Slavoj Zizek, dubbed by the Village Voice "the giant of Ljubljana," is back with a new edition of his seriously entertaining book on film, psychoanalysis (and life). His inimitable blend of philosophical and social theory, Lacanian analysis, and outrageous humor are here made to show how Hollywood movies can explain psychoanalysis-and vice versa. Why does the phallus appear? Why is woman a symptom of man? Why are there always two fathers? These typical Zizek questions are explained by means of such films as Marnie and The Man Who Knew Too Much.
|Publisher:||Taylor & Francis|
|Edition description:||Older Edition|
|Product dimensions:||6.00(w) x 9.00(h) x 0.50(d)|
About the Author
Slavoj Zizek is Research Fellow at the University of Ljubljana. He teaches and lectures frequently in the United States. Among his many books are Looking Awry and The Ticklish Subject.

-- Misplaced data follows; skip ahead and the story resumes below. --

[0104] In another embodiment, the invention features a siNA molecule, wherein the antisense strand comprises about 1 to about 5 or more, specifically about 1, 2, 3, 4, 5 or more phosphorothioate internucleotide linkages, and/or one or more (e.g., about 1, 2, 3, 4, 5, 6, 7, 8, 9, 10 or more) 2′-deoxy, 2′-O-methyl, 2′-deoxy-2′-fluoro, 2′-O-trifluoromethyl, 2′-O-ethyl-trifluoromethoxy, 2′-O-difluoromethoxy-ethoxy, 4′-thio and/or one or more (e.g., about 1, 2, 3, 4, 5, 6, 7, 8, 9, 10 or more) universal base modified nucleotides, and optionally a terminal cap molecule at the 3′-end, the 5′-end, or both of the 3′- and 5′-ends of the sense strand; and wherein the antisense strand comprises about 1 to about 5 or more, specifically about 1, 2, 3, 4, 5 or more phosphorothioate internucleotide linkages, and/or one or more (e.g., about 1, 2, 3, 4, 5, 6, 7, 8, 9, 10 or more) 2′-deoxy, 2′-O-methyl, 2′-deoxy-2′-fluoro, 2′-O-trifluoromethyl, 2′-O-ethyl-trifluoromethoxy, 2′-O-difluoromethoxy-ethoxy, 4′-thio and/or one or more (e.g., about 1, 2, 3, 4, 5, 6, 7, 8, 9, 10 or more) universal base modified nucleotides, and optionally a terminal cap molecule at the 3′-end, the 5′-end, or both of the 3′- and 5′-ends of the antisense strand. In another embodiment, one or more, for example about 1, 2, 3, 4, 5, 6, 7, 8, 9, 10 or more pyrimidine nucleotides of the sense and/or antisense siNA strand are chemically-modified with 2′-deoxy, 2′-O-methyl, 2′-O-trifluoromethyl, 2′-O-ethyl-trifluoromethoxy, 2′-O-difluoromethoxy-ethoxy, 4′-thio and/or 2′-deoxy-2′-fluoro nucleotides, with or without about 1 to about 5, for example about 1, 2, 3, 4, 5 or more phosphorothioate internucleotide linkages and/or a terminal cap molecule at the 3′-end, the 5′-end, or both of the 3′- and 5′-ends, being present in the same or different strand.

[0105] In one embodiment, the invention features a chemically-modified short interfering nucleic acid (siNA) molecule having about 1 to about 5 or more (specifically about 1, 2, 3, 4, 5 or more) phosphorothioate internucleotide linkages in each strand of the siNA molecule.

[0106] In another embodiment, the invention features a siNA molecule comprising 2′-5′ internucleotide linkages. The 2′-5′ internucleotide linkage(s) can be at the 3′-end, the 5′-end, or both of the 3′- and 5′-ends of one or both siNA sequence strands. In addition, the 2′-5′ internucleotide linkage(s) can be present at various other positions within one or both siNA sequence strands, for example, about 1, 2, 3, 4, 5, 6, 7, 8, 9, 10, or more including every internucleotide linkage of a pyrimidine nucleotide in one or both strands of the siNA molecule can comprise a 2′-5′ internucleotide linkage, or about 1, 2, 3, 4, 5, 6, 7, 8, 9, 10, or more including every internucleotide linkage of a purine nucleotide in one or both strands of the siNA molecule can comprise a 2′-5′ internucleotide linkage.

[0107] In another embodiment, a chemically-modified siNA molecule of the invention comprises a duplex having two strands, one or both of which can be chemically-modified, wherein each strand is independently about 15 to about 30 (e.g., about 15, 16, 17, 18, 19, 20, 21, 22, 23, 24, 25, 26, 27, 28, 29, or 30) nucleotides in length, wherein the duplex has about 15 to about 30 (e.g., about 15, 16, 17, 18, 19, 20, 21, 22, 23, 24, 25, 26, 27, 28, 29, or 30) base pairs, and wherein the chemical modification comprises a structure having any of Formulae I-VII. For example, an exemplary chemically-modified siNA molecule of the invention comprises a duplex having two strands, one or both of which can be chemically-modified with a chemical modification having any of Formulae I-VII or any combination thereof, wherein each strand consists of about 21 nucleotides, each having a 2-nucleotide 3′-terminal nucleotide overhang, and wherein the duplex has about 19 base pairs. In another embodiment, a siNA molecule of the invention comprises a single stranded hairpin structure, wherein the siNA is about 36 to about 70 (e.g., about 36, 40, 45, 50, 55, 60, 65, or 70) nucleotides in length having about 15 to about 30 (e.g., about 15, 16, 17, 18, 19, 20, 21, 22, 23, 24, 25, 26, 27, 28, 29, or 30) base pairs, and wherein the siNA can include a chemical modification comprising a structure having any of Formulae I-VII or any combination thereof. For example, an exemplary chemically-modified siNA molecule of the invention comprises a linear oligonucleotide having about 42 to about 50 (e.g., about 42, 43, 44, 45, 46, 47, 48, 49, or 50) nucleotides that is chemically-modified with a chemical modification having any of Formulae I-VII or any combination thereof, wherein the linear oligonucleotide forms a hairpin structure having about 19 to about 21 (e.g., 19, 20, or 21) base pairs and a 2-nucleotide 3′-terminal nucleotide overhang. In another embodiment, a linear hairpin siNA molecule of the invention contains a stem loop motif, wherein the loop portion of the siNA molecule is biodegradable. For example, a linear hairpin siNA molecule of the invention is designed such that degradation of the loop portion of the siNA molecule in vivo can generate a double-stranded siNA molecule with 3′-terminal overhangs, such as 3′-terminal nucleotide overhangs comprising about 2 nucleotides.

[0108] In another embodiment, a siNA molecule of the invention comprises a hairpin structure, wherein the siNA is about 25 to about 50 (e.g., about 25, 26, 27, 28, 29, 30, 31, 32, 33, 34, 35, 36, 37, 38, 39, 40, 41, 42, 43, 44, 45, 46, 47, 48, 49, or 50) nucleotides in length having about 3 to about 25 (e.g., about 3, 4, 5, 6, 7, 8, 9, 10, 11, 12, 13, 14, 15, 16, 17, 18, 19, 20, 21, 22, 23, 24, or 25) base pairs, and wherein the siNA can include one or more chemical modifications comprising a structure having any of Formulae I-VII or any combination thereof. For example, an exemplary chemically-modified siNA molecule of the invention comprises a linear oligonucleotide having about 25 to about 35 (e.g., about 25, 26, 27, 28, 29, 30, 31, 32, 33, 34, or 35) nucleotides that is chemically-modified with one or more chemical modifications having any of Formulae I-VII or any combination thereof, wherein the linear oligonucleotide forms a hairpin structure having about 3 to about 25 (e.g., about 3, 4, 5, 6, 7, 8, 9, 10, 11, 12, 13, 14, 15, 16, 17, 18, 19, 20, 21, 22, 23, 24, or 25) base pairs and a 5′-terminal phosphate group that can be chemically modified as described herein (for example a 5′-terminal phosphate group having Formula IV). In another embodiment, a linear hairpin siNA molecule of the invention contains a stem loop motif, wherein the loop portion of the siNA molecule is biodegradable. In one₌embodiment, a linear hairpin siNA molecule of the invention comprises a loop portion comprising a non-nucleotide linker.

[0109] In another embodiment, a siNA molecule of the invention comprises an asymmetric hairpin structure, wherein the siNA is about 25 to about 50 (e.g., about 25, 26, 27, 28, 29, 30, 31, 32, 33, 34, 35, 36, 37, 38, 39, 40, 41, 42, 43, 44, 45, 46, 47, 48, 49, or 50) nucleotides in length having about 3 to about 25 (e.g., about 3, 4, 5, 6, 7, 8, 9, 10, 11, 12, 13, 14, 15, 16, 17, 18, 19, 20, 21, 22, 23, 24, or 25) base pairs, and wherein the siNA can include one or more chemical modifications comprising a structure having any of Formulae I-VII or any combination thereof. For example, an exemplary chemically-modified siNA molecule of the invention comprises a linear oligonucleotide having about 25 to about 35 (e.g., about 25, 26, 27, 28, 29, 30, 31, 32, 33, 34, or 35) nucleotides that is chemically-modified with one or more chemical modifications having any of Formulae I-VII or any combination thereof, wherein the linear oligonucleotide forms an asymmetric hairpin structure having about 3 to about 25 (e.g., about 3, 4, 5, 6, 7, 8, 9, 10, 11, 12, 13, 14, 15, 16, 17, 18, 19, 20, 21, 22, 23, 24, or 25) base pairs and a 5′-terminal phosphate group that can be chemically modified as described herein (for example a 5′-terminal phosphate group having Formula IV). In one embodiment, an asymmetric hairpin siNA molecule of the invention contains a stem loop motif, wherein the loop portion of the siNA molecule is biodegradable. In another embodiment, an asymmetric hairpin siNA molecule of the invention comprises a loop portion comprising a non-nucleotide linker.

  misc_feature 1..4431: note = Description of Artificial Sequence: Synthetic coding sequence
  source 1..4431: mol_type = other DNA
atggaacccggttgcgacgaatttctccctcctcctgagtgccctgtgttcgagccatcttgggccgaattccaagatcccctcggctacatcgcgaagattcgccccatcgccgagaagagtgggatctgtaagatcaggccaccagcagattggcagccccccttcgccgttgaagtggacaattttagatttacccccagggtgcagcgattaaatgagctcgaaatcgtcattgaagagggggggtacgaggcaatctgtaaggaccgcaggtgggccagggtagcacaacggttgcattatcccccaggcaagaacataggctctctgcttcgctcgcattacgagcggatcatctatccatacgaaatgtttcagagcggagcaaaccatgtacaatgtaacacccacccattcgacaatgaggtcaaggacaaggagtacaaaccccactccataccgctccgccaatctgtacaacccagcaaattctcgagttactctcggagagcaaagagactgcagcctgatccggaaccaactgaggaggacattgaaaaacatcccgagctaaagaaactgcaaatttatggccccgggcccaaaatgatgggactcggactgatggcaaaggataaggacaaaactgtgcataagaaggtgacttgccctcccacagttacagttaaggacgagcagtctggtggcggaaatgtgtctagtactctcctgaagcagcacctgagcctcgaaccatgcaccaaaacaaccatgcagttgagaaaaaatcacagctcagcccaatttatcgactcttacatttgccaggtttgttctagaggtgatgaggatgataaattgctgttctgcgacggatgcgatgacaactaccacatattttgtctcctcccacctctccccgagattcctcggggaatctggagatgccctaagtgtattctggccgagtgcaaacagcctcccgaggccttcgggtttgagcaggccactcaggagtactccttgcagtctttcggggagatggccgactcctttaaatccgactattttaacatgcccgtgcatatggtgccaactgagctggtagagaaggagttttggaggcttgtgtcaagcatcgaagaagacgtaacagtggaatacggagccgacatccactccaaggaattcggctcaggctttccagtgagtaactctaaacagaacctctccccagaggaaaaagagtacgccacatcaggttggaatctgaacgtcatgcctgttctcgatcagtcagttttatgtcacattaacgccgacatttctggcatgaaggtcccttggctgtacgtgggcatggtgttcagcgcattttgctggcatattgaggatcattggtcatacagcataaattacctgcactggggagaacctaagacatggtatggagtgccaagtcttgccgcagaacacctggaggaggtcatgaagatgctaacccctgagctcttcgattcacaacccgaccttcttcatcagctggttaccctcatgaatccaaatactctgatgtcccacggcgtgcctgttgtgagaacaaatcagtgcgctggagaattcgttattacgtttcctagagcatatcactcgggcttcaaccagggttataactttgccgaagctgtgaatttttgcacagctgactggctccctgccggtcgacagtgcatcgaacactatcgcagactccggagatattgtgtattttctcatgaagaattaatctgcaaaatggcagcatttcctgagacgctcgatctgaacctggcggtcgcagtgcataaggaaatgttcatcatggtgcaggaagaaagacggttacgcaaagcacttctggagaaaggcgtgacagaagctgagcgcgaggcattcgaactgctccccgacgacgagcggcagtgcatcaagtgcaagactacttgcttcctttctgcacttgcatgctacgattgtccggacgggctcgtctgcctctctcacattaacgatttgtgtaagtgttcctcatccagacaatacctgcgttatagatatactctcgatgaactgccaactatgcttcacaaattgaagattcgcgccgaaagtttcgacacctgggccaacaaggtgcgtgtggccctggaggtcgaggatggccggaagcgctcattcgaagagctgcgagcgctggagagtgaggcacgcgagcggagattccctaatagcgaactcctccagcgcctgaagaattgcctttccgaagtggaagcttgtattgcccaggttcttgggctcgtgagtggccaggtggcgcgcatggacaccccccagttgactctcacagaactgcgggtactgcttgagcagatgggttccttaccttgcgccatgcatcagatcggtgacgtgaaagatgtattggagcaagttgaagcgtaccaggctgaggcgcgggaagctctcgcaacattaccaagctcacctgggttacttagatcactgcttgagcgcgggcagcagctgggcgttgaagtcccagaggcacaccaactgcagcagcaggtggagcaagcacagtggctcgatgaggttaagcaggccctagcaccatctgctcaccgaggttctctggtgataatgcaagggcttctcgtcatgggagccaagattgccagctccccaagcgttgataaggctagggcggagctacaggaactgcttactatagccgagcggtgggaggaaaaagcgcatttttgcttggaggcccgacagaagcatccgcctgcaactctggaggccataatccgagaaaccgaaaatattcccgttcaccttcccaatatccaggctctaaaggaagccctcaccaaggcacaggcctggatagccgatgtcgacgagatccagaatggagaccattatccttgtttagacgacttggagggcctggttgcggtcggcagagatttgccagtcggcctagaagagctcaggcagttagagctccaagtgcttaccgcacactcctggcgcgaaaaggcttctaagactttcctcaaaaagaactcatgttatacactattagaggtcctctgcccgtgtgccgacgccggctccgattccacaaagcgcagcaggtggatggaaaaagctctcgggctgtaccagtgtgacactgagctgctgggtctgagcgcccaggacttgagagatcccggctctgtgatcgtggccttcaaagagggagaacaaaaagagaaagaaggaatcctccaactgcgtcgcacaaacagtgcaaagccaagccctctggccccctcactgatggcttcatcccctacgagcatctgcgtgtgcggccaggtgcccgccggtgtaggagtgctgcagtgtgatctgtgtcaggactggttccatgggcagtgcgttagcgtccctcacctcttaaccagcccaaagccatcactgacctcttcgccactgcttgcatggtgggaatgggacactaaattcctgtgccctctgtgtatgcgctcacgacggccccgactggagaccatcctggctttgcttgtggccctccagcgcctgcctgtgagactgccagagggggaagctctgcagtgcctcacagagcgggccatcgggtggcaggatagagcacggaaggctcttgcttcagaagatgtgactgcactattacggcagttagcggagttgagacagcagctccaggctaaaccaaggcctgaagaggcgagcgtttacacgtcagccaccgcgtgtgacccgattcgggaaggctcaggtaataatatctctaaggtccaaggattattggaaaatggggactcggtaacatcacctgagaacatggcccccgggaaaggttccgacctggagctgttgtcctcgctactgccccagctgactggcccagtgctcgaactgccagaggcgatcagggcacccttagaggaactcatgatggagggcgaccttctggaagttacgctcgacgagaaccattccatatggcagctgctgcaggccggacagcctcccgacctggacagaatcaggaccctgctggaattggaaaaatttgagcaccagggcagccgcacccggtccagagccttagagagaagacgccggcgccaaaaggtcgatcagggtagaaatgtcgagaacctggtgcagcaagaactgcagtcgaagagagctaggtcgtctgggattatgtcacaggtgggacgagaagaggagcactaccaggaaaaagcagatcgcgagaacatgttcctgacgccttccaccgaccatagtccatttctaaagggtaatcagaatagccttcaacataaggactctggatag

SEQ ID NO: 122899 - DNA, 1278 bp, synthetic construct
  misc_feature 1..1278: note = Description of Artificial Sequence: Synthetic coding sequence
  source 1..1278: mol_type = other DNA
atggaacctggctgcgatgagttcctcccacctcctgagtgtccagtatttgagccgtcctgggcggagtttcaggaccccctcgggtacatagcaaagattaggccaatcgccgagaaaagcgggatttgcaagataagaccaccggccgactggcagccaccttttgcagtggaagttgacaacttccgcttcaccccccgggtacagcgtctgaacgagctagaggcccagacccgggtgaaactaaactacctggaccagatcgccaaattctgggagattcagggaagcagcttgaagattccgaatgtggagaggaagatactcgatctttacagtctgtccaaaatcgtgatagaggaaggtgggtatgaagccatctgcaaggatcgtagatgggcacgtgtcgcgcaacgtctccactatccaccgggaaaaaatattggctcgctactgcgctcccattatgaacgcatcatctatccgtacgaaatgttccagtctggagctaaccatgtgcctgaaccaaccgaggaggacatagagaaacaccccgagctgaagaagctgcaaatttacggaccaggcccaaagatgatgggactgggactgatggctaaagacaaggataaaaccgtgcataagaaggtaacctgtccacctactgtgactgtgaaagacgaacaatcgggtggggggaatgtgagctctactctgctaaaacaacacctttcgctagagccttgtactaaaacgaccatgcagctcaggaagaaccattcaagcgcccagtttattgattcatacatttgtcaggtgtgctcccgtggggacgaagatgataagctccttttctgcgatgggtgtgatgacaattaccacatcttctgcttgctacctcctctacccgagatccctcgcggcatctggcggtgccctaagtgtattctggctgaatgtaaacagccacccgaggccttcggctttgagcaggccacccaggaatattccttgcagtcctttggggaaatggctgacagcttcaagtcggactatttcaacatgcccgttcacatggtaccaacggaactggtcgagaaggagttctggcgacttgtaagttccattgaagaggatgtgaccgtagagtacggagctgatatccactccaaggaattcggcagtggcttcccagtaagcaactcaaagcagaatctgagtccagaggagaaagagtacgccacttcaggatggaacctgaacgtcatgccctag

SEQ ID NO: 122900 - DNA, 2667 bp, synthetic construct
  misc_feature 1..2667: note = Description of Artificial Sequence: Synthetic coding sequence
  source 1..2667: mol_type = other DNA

Table of ContentsIntroduction; 1. Why Does a Letter Always Arrive at Its Destination:; 1.1 Death and Sublimation: The Final Scene of City Lights 1.2 Imaginary, Symbolic, Real 2. Why is Woman a Symptom of a Man?; 2.1Why is Suicide the Only Successful Act? ; 2.2 The "Night of the World"; 3. Why Is Every Act a Repetition?; 3.1 Beyond "Distributive Justice"; 3.2 Idenitity and Authority; 4. Why Does the Phallus Appear?; 4.1 Grimaces of the Real; 4.2 Phallophany of the Anal Father; 5. Why are there Always TwoFathers?; 5.1 At the Origins of Noir: The Humiliated Father; 5.2 Die Versagung; Index